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Marc Mac of 4Hero fame has changed tack and released his second hip hop laced album under the alias Visioneers, following on from the BBE promoted Dirty Old Hip Hop in 2006. Hipology, which hit the shops on June 11, is more than just a record, though, as it is the name of the Dollis Hill-born producer's website which celebrates his roots and culture.
Mixmag caught up with Marc Mac to discuss Hipology, a carefully considered melange of jazzy hip hop beats fused with subzero funk and soul, uniquely blended and enriched by guest vocals from the likes of John Robinson, Notes To Self and TRAC & Baron. They feature alongside musicians Luke Parkhouse, Ariya Astrobeat Arkestra and The Support Horn.
What does Hipology mean to you?
The music, the fashion and culture. Although producing all kinds of music from jungle to jazz, hip-hop - or at least what it was - has always been a part of what I do in some strange and sometimes very subtle way. Even though we went through a really hardcore stage and we were making some proper dark drum and bass and all sorts of things, both me and Dego [the other producer behind 4Hero, Dennis McFarlane], our heart was always close to the soul vibe having grown up in north west London. We have always been real soul heads at our core.That kind of mellow vibe has always been there. When we were doing our hardcore rave stuff was more out of our box. It’s good to kind of come back, and do the full circle, and play a sound that we were brought up on.
When - and why - did you create the website?
I started up the website about six months ago and I just started jotting down some ideas together. While I was looking for a front cover for the album, I started looking at all of my old pictures and then thought that it would be good to publish them as a kind of scrapbook. I knew that I wanted to document this sort of stuff. Throughout my life this has been the kind of stuff I have always been in to. And it is not just about the music - I see an old album and I try and think about what games console was I playing at that time, what clothes was I wearing, and stuff like that. It all connects together in some kind of strange way. The whole Hipology comes from that idea. The website helps tell more of the story, because it could have easily been lost in the translation if people thought it was just an album.
How did your guise as Visioneers come about?
It was about 2006 when BBE approached me saying that they wanted to sign me for the Visioneers project. I was just dropping limited edition 7”s which were on the J Dilla vibe, and they caught on to what I was doing. I did another eight tracks to make up the album Dirty Old Hip Hop. Dirty Old Hip-Hop went really well, and I think what I like about it is that people get it now, today. They understand it and appreciate the sounds and it still sense to them; they can get in to it. They are not the usual records you would hear now, and that’s I think what makes the tunes good to hear for those who are looking for this. That was one of the reasons - the appreciation and interest on the first Visioneers project - that I got so excited about doing this follow up, and developing those ideas. I knew after how will the first album had gone down that this has some good longevity to it. I took my time producing Hipology - I’m never going to make an A&R man happy! I never rush making my music. Whatever happens needs time to grow. I don’t think that the record has to be completed in two weeks, or whatever. It happens when it happens. So the album did take a while. I had a lot of time to think about it, and there was a lot of listening to the tracks over and over again, tweaking, moving and shifting something.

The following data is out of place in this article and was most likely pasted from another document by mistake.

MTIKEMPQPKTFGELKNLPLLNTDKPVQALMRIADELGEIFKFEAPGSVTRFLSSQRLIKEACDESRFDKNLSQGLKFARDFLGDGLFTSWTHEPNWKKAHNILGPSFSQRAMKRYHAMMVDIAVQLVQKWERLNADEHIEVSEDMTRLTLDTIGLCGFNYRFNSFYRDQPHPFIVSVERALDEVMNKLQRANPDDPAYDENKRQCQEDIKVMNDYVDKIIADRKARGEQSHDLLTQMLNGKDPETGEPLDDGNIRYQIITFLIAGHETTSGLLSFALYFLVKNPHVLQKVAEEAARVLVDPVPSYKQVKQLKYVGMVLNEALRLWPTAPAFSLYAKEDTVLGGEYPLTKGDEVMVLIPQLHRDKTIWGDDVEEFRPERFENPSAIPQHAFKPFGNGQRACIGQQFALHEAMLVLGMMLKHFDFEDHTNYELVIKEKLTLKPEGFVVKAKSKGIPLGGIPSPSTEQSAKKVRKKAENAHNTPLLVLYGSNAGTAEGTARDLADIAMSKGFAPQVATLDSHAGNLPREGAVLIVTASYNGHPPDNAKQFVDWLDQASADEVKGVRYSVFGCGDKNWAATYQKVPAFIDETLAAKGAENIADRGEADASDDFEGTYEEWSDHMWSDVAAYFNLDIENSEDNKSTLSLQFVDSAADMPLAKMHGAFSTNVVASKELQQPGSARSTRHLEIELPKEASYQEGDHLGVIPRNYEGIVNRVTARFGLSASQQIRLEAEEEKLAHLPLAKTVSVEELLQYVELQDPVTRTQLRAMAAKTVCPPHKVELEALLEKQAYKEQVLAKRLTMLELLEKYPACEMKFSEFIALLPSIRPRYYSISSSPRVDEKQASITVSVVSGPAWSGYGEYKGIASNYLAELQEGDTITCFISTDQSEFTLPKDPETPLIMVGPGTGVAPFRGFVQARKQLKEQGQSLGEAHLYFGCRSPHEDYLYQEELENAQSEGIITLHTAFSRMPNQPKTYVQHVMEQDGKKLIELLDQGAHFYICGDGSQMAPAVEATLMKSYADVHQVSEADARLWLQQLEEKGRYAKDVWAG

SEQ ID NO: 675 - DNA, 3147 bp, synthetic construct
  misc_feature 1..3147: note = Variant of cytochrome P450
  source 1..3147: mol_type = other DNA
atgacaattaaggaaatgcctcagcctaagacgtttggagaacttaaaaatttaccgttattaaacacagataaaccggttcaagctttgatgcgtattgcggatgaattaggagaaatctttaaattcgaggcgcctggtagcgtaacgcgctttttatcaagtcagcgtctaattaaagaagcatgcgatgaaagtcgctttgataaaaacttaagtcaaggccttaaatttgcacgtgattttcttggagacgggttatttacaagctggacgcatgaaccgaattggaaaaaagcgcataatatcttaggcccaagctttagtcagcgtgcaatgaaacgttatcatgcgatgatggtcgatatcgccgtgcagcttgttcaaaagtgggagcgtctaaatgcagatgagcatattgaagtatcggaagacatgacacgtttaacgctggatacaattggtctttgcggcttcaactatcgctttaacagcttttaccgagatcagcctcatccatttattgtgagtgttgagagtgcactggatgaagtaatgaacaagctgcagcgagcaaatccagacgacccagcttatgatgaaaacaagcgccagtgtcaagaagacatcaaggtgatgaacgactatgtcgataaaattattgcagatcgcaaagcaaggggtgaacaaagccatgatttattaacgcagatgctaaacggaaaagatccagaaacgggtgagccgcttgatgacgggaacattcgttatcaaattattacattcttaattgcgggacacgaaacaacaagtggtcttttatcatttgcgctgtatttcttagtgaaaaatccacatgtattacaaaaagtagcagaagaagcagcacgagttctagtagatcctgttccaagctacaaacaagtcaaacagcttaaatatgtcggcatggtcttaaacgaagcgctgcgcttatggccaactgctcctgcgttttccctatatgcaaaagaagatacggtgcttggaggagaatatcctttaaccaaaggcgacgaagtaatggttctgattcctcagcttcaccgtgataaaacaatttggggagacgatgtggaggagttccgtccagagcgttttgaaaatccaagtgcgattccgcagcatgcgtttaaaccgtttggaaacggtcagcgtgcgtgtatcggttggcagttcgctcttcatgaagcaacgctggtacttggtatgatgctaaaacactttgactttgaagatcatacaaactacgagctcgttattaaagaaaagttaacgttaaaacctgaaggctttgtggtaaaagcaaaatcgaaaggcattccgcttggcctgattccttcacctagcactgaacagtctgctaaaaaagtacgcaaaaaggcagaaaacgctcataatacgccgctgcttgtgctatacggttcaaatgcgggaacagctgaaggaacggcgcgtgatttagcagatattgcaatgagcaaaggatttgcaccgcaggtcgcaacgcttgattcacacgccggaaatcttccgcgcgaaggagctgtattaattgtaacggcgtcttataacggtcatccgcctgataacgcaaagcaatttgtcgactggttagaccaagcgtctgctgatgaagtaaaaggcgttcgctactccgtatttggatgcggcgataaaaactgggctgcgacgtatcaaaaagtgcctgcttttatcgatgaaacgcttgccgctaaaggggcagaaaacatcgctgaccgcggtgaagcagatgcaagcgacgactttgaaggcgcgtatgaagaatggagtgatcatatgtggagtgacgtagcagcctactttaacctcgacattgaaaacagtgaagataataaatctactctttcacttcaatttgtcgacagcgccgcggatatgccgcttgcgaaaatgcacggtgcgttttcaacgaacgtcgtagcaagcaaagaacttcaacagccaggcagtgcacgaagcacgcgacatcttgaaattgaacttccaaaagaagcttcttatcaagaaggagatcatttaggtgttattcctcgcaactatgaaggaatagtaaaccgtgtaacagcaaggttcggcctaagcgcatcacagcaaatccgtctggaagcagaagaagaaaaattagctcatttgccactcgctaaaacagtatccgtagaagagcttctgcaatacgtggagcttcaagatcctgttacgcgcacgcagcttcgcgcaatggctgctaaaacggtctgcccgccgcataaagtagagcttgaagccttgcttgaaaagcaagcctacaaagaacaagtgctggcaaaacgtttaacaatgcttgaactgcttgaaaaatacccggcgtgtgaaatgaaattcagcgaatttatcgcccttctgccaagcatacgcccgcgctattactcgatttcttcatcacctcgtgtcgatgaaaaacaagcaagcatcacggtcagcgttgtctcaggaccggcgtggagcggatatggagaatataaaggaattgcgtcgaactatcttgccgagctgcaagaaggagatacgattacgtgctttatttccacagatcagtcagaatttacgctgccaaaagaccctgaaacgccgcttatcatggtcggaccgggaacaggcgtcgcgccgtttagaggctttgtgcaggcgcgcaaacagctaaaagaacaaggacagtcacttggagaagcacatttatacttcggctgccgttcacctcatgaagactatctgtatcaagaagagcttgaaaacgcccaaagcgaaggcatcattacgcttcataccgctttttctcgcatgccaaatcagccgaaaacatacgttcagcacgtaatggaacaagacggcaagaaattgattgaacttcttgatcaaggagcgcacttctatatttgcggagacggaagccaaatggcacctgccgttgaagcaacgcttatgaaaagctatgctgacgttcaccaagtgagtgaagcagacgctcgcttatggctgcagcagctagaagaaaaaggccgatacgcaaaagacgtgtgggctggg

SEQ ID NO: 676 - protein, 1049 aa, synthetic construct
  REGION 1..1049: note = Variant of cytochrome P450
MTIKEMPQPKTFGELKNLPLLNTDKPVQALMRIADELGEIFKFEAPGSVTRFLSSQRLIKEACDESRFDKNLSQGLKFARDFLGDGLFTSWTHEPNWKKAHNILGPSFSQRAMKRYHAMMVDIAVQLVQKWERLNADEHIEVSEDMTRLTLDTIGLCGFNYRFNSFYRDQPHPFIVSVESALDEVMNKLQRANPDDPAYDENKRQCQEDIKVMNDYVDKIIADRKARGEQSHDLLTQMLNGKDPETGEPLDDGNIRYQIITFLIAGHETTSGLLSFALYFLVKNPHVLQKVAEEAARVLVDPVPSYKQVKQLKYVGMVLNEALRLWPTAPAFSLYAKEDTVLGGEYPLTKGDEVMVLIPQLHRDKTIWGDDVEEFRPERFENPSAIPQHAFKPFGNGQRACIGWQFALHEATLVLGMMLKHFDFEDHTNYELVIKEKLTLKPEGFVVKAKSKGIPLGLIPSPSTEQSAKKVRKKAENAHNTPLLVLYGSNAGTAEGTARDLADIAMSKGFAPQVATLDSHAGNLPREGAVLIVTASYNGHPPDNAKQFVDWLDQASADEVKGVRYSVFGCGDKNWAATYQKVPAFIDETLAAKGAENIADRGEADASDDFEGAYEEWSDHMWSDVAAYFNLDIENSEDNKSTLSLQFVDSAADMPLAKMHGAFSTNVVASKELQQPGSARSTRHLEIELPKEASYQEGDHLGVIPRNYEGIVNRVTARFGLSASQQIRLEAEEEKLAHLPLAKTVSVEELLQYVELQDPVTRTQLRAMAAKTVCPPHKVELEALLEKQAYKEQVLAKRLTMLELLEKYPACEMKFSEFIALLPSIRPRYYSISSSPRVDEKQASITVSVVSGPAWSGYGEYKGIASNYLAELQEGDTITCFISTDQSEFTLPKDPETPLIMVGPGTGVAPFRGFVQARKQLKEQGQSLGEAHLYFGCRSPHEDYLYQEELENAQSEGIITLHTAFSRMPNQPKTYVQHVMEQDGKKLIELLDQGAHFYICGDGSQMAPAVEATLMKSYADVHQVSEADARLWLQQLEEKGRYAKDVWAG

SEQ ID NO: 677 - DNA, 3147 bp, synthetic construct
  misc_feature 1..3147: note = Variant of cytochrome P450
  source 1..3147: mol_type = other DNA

What does this album say about the current state of hip hop?
It’s like taking Mr Kirk's Nightmare, a mid-nineties, early 4Hero tracks, and trying to play it in a metal head rave now. People will stop still, look at you and think: “What the hell are you doing?” They won’t get the timeline. In the same way I think Hipology is a crazy kind of hip hop album, as it has elements of a time before. I could put a hip hop tag on it, but if you went to a kid now who was in to hip hop, in inverted commas, he would probably say: “What is this?!” But I have always done that kind of thing, and those kind of gambles. You just have to do what you feel is right and that is the only way you can enjoy and keep on making music for so long.